Lisa M. Martin, LCSW-R, CASAC: The intent behind this statement is to demonstrate that you’re not a prejudiced person. But we all see racial difference unless we’re visually impaired. Refusing to acknowledge the color of someone’s skin is also a refusal to acknowledge the struggles they’ve endured and discrimination they’ve faced because of their race. Most white people receive benefits in society based on their ‘whiteness’ that people of color don’t receive—and white people are often not even aware of this.
One example would be the recent anti-lockdown protests in Michigan, where white people with guns entered a state government building and did not experience bodily harm. Conversely, people of color engage in peaceful protests and police shoot them with rubber bullets. That’s white privilege. Being able to turn off the television when they need a break from hearing about demonstrations about police brutality is another example of white privilege.
White people can show support and care toward people of color by listening more than talking. However—and this may sound contradictory—it is not the responsibility of Black and Brown people to educate white people on systemic oppression. Read books/articles. A few examples: Waking Up White (Debby Irving), White Rage, White Fragility.
See Experts Answer 8 Critical Questions Regarding Racism Part 1 for questions 1-4.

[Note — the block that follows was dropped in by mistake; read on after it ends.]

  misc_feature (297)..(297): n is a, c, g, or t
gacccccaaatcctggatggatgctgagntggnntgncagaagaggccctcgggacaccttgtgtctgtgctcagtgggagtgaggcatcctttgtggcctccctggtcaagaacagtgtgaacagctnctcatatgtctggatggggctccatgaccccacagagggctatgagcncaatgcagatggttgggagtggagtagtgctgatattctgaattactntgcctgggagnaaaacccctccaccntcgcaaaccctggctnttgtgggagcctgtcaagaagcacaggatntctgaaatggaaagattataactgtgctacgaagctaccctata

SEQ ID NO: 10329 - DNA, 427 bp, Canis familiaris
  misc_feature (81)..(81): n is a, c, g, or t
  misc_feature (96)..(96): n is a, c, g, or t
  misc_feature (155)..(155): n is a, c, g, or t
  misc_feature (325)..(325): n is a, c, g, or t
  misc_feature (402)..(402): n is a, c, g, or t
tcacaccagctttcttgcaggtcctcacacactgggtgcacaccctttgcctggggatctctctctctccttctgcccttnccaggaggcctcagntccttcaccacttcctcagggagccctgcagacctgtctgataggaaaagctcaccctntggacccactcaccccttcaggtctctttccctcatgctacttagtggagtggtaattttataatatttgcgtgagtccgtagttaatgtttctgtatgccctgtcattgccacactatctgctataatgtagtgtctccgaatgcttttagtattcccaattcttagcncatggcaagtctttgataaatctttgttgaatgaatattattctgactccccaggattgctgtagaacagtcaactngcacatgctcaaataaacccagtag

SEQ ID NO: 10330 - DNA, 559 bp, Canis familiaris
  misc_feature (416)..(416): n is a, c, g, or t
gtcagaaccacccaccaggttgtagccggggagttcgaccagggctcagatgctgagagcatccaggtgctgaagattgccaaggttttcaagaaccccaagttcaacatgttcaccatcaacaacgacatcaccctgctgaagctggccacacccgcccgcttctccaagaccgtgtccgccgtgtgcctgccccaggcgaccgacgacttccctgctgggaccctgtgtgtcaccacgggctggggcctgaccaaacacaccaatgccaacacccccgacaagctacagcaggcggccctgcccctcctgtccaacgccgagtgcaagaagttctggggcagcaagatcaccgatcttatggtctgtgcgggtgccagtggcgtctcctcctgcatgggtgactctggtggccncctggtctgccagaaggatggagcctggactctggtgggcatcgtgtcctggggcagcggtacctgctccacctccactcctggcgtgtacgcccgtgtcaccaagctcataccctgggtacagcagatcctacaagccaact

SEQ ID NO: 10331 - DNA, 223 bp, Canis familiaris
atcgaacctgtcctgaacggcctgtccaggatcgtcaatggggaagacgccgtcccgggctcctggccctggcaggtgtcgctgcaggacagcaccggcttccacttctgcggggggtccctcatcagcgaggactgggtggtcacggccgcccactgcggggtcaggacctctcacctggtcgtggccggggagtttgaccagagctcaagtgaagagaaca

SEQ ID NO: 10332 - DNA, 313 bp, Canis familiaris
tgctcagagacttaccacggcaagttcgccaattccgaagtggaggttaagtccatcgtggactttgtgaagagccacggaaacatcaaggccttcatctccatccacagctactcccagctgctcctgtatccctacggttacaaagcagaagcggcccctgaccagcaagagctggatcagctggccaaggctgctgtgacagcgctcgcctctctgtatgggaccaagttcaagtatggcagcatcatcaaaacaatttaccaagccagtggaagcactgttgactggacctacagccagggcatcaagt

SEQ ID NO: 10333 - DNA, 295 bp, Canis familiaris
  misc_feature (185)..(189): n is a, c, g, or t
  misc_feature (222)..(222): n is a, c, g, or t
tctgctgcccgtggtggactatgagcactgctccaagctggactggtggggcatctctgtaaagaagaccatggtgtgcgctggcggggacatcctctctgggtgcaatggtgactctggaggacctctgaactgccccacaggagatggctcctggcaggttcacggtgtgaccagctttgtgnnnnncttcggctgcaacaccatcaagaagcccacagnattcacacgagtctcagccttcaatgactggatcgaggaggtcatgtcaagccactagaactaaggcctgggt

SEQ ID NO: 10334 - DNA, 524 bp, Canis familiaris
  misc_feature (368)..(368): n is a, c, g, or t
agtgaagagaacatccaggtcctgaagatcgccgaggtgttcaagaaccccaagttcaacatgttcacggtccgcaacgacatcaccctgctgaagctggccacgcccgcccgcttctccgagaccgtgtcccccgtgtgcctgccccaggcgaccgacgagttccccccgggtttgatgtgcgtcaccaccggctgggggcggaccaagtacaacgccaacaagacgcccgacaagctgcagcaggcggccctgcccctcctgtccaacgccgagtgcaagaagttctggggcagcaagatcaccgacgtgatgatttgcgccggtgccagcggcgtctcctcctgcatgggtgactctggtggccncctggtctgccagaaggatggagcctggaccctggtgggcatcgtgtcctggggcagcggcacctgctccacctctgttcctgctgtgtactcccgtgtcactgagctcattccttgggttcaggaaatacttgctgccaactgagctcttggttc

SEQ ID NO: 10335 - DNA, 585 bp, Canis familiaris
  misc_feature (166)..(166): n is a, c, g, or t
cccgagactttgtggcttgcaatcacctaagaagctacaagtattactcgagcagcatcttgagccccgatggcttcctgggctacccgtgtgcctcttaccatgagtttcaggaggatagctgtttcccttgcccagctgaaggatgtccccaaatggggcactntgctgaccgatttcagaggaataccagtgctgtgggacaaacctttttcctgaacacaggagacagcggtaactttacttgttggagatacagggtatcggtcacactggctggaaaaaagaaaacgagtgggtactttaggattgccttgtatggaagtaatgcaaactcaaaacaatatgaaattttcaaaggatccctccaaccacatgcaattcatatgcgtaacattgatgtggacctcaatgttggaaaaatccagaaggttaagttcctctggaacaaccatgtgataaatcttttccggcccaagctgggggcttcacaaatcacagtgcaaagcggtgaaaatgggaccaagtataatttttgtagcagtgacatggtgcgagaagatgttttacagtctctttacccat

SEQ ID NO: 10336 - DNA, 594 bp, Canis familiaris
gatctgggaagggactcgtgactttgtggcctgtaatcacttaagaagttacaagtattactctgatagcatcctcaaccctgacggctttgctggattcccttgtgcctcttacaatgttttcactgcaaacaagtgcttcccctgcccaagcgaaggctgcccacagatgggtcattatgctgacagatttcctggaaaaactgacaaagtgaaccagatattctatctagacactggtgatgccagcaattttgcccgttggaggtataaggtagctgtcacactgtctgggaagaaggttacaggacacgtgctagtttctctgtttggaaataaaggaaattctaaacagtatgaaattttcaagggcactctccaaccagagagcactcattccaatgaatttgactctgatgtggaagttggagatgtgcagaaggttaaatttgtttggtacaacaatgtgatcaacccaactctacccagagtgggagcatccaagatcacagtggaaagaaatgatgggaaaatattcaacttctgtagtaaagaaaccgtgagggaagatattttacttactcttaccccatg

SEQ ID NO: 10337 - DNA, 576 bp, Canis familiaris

Please listen to a Togetherness Guided Meditation led by me.
Darryl Aiken-Afam, CPT, the creator of the Ambient Noise/Contact and Conversation racism reduction programs, is a practitioner of Taoist- and Zen-based meditation, yoga, and martial arts practices for over 25 years.
Lisa M. Martin, LCSW-R, CASAC received her MSW from Fordham University, and is a Certified Alcoholism and Substance Abuse Counselor (CASAC). She has 25 years of experience in the field of social work, working with people suffering from emotional difficulties and addiction, with a particular interest in how racial and social inequities affect the lives of people of color.
Francesca Maximé, SEP, CMT-P, IFOT, RLT is the founder of ARREAA: Anti-Racist Response-ability, Embodiment, Accountability, and Action, a weekly Wednesday group for white-bodied folks to “ask anything” so they don’t have to ask BIPOC friends. Francesca is an anti-racism educator, somatic experiencing trauma healing practitioner, and Indigenous Focusing Oriented practitioner for complex trauma.